City council to probe Bautista remarks on killings
BAGUIO CITY (Sept. 19) – The city council is poised to delve into the “informal blessing” reportedly given by acting Mayor Reinaldo Bautista Jr. to the rising incidents of “summary execution” of criminals in the city.
The 14-member city council tasked its committee on human rights, justice, public protection and peace and order to investigate the issue, after the committee chair, Councilor Jose M. Molintas, raised a serious concern about Bautista’s “irresponsible” remarks.
Hindi ba dapat lang?
In his weekly “Ugnayan” press briefing on Sept. 14, Mayor Bautista reportedly thanked the police for doing a “clean-up drive” to get rid of criminals even without due process. The implication is that it is all right to kill criminals “especially when they are caught in the act.”
According to reporters who covered the press briefing and raised followup questions, Bautista even told them, “Hindi ba dapat lang?” (Isn’t that what we really ought to do?)
A few minutes later, Bautista explained that laws must still be followed in dealing with criminals. He added that he will ask the police to more thoroughly investigate the said killings.
Series of killings
A series of mysterious killings have haunted this highland resort city since Sept. 9, when a dead man was found dumped along a drainage canal along Ambuklao Road within the city. The unidentified victim bore gunshot wounds.
On the night of Sept. 13, a man was shot at close range by a gunman wearing a ski-mask in front of the Piltel Baguio office. Police did not release the victim’s identity, but said that he was an umbrella hawker and a “police character.”
In a separate incident, two dead males were also found dumped in Brgy. Balatoc, Itogon town, Benguet a few kilometers from here.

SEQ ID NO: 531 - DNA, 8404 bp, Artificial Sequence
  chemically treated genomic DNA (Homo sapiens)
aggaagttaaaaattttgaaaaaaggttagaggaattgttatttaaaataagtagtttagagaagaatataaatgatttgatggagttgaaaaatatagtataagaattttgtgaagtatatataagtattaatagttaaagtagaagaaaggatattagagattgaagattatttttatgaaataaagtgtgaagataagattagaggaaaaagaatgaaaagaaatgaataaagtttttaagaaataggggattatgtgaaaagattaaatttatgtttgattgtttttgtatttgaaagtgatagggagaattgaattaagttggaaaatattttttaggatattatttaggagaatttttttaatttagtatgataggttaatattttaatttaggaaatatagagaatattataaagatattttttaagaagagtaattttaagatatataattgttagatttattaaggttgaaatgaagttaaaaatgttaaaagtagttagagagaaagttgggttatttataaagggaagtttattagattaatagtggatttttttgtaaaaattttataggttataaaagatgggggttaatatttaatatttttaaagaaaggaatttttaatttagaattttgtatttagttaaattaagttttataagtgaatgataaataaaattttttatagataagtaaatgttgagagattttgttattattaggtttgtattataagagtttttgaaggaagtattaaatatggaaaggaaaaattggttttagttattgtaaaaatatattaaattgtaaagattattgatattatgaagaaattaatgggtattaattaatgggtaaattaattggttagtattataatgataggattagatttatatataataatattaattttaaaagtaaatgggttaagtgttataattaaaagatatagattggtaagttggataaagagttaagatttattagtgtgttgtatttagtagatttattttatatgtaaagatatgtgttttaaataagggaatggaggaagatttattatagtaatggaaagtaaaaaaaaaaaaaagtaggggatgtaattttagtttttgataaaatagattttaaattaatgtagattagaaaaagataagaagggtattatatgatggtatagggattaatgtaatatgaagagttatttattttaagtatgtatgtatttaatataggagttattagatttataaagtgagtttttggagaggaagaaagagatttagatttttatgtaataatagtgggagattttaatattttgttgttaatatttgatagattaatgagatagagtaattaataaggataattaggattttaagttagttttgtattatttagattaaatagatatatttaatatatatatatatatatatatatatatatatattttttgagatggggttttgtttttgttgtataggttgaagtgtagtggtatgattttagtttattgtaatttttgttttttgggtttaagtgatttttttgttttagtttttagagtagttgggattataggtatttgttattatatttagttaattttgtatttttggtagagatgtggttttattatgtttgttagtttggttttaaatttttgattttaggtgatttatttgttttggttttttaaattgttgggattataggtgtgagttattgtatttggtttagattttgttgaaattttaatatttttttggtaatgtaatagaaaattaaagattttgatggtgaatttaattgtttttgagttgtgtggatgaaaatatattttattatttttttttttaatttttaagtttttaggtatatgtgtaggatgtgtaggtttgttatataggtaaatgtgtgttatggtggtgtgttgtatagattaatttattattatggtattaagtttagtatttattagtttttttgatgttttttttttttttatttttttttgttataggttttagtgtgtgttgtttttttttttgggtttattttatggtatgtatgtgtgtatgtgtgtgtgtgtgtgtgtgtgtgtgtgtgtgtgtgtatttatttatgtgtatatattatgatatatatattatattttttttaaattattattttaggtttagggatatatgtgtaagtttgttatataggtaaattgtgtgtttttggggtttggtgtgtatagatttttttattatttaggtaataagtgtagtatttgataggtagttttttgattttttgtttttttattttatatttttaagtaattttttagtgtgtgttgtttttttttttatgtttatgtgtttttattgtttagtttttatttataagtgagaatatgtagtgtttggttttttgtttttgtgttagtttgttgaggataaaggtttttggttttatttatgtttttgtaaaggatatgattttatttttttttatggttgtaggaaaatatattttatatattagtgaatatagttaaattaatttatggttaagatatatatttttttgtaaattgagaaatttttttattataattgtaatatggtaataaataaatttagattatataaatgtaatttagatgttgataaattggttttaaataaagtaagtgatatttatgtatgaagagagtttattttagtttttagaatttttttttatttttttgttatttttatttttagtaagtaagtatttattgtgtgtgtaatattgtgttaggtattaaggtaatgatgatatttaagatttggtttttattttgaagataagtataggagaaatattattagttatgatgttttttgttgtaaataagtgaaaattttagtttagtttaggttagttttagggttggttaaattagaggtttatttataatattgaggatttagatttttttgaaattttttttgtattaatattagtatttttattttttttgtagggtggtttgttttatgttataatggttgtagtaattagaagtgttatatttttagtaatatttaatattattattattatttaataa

Lawyers and dads chide mayor
Bautista’s remarks triggered quick reactions from several human rights lawyers and local lawmakers.
Reynaldo Cortes, head of the Cordillera Human Rights Alliance (CHRA), said that Bautista’s remarks “reflects his immaturity.” Cortes added that the acting mayor does not respect the rule of law, and thus has no right to be in public office.
Bautista, 38, became acting mayor two weeks ago after the Dept. of Interior and Local Government slapped a double six-month suspension on elected Mayor Braulio Yaranon.
Abelardo Estrada, president of the Integrated Bar of the Philippines (IBP) for Baguio-Benguet and concurrent IBP governor for Northern Luzon, reiterated that “summary killings have no place in civilized society.”
“Justice must be dispensed with in the way the law so provides,” Estrada said, adding that no law gives police the right to kill a person no matter how criminal he is perceived to be.
Councilor Molintas, another veteran human rights lawyer and former head of the Cordillera Indigenous Peoples Legal Center (Dinteg), also slammed Bautista for his “irresponsible statements” that may encourage law enforcers “to short-cut and deny due process.”
“It is unfair for the police authorities to be implicated (by Bautista) to have been committing these (killings), because these acts are illegal,” Molintas added.
Councilor Edilberto Tenefrancia warned Bautista, now that he is mayor, to be more careful in issuing remarks that might breed disregard for due process.
Police said they were also baffled about the series of killings. Baguio City Police officer-in-charge Sr. Supt. Noel Manabat strongly denied the existence of a Baguio-based vigilante group or death squad.
BCPO spokesperson SPO3 Viyo Hidalgo explained that vigilante groups appear only in areas where the residents cannot trust the police in running after criminals. In the case of the BCPO, Hidalgo claimed that there is a high level of public trust.
BCPO head Sr. Supt. Isagani Nerez, who is on study leave for a two-week course in Thailand, was unavailable for comment. # Ace Alegre for NORDIS